"It is at this moment in Nephite history-just under 950 years since it had begun and just over 300 years since they had been visited by the Son of God himself-that Mormon realized the story was finished. In perhaps the most chilling line he ever wrote, Mormon asserted simply, 'I saw that the day of grace was passed with them, both temporally and spiritually.' His people had learned that most fateful of all lessons-that the Spirit of God will not always strive with man; that it is possible, collectively as well as individually, to have time run out. The day of repentance can pass, and it had passed for the Nephites. Their numbers were being 'hewn down in open rebellion against their God,' and in a metaphor almost too vivid in its moral commentary, they were being 'heaped up as dung upon the face of the land.'" (Christ and the New Covenant, p. 319)

Spencer W. Kimball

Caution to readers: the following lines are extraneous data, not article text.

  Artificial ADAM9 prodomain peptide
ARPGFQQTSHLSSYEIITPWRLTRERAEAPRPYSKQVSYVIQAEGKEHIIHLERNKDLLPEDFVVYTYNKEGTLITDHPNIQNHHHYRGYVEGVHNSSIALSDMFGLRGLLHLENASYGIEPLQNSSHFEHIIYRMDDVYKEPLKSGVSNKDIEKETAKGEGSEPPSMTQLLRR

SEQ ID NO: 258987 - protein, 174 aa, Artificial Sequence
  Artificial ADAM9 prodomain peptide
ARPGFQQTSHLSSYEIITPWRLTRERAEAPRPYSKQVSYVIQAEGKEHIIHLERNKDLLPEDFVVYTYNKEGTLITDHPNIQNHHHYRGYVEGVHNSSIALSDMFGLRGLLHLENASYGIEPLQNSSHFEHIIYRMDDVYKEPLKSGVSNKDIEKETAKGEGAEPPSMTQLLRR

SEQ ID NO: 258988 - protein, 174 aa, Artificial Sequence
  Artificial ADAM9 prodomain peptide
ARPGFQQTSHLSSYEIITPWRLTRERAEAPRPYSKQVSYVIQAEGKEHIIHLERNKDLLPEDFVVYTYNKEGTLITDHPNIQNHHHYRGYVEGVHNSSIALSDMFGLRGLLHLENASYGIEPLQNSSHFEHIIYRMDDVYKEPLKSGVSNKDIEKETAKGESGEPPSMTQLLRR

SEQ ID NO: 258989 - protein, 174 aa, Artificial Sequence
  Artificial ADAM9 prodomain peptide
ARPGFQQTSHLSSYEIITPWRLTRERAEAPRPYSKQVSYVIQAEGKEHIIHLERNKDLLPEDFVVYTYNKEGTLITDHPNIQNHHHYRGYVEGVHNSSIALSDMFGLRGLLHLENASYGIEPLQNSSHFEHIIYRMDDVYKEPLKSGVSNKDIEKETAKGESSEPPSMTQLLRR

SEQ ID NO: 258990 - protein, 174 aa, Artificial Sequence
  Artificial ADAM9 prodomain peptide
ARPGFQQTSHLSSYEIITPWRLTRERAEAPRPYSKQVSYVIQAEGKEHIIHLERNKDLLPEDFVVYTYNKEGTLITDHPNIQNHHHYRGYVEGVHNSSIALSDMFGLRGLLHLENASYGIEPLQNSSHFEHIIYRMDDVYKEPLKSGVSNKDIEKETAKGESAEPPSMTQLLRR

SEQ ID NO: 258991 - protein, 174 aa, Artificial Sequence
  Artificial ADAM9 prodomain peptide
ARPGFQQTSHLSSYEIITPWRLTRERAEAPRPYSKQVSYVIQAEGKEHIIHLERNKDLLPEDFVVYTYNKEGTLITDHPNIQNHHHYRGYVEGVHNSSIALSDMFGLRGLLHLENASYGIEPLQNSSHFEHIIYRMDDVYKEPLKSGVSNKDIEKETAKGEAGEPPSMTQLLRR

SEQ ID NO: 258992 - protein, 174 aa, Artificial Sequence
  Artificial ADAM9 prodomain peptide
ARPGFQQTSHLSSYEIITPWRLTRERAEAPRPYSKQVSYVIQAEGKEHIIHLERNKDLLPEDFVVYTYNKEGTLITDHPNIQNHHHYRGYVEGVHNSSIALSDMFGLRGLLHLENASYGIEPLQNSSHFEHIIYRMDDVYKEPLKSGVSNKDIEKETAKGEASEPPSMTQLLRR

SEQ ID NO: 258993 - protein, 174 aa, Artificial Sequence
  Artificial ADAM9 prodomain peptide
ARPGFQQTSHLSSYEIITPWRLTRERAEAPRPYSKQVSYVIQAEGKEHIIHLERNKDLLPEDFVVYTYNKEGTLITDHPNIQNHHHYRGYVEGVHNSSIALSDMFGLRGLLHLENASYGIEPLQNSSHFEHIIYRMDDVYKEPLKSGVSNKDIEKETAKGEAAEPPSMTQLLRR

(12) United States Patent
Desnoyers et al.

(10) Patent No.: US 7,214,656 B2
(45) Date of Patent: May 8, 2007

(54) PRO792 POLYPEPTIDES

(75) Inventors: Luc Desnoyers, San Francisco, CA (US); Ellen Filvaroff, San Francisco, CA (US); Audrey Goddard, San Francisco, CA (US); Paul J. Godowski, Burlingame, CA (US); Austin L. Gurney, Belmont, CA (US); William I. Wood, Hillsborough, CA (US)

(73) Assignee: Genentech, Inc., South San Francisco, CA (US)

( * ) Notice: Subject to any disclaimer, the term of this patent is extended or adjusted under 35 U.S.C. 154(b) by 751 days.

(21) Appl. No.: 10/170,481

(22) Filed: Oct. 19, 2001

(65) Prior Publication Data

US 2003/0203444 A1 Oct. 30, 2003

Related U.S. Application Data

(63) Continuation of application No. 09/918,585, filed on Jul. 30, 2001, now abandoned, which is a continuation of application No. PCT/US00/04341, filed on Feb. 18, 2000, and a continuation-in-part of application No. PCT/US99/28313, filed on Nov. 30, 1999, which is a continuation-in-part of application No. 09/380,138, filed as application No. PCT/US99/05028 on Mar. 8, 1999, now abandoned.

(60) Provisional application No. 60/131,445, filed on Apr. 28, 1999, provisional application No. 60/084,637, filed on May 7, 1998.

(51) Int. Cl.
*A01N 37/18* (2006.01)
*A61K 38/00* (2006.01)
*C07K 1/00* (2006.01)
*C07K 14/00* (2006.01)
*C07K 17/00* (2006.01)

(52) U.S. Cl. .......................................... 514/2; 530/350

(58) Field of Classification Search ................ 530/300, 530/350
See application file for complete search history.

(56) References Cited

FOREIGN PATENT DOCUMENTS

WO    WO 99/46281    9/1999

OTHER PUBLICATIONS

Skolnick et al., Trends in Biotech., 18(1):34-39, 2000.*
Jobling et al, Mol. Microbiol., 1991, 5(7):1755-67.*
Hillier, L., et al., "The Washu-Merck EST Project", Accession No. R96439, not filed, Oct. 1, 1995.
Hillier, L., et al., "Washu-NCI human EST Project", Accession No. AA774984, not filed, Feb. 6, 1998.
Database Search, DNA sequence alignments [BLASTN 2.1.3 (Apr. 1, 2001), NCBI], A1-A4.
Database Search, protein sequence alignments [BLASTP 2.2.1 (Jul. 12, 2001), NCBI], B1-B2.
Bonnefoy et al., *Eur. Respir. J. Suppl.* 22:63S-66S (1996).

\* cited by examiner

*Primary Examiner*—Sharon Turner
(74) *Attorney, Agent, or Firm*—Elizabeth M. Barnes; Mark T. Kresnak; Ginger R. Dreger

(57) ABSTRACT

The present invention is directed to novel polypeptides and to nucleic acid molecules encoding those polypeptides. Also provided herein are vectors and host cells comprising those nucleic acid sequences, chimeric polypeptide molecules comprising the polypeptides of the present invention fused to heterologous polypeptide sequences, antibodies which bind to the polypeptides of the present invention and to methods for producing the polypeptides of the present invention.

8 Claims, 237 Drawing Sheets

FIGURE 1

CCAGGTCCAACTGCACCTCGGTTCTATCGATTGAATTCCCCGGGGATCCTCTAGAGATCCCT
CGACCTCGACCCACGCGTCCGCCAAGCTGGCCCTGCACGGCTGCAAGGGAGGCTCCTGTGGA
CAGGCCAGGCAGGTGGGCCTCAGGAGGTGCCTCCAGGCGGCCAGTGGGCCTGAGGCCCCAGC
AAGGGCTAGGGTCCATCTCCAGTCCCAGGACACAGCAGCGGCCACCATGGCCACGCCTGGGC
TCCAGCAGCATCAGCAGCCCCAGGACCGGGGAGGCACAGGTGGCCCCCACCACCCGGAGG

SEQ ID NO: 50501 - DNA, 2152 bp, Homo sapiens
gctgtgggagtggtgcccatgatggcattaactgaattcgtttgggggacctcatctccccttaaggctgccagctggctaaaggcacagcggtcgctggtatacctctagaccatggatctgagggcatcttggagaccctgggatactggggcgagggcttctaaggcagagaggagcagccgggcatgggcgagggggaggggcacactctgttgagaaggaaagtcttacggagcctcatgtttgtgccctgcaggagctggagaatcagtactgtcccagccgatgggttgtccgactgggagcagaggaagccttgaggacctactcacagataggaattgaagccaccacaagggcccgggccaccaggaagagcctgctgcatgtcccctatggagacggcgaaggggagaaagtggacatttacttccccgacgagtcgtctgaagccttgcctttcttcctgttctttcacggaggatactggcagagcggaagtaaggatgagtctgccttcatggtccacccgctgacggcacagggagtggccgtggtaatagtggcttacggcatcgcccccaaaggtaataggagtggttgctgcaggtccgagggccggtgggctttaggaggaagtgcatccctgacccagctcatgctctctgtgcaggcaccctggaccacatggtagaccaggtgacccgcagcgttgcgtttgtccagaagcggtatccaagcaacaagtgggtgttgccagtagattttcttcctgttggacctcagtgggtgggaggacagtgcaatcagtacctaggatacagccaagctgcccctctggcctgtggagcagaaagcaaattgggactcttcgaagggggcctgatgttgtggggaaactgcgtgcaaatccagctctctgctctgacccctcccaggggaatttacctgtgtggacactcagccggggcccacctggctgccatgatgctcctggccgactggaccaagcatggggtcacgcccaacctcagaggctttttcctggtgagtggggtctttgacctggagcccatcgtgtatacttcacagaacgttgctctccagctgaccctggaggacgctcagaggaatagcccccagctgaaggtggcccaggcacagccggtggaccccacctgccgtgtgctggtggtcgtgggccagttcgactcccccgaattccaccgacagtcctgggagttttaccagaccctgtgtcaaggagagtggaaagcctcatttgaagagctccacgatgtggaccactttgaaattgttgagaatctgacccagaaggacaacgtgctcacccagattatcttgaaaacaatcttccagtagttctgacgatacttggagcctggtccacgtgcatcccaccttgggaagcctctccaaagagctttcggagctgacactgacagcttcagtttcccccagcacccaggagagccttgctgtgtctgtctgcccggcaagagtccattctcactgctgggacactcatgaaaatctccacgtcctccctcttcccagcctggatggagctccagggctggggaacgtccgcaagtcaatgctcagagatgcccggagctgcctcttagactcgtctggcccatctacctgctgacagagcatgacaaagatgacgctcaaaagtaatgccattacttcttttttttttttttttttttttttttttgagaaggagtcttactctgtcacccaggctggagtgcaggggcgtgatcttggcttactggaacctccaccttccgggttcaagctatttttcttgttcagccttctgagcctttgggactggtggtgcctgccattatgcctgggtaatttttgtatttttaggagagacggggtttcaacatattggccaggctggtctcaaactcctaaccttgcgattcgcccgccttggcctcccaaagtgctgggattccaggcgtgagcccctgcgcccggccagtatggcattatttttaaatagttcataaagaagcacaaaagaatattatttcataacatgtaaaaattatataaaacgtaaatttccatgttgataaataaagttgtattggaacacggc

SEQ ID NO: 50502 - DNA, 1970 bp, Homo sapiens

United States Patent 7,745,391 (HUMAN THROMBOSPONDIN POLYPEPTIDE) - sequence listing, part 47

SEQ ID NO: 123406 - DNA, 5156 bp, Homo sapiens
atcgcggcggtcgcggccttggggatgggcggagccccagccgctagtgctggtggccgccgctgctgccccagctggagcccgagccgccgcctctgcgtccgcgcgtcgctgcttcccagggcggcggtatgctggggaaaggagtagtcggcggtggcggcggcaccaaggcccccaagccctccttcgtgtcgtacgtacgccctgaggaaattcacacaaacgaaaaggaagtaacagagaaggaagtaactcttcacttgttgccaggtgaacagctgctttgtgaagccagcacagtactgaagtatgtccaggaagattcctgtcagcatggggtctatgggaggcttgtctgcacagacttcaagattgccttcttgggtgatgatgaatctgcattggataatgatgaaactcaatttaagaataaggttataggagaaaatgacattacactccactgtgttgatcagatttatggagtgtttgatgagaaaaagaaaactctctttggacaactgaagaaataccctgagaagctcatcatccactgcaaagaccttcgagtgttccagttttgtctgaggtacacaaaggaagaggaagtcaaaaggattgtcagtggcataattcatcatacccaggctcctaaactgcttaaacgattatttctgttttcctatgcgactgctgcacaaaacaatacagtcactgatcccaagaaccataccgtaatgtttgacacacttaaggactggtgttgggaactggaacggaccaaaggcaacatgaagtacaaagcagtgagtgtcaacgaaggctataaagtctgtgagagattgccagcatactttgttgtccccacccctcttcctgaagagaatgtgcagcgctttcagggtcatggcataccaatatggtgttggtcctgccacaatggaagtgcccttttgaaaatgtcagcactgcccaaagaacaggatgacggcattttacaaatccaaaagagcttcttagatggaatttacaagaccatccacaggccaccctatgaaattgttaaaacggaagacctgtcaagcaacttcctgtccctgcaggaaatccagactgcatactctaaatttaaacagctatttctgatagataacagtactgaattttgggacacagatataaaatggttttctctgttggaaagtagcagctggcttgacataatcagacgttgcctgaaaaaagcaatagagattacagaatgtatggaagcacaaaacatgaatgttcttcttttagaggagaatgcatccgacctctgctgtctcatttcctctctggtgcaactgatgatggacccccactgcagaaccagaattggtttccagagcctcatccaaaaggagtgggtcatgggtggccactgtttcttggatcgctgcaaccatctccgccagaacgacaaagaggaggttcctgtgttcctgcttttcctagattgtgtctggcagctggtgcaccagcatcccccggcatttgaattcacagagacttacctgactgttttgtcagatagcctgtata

"It is true that the great principle of repentance is always available, but for the wicked and rebellious there are serious reservations to this statement.  For instance, sin is intensely habit-forming and sometimes moves men to the tragic point of no return.  Without repentance there can be no forgiveness, and without forgiveness all the blessings of eternity hang in jeopardy.  As the transgressor moves deeper and deeper in his sin, and the error is entrenched more deeply and the will to change is weakened, it becomes increasingly nearer hopeless and he skids down and down until either he does not want to climb back up or he has lost the power to do so." (The Miracle of Forgiveness, p. 117.)

Mormon 2:15 I saw thousands of them hewn down...and heaped up as dung

Neal A. Maxwell

"For Mormon, seeing thousands of bodies 'heaped up as dung upon the face of the land' must have produced profound emotions within him, not unlike those a British journalist experienced when he went to the Bergen-Belsen concentration camp at the end of World War II, the opening lines of whose dispatch were, 'It is my duty to describe something beyond the imagination of mankind' (Time Magazine, April 29, 1985, p. 133, International Edition).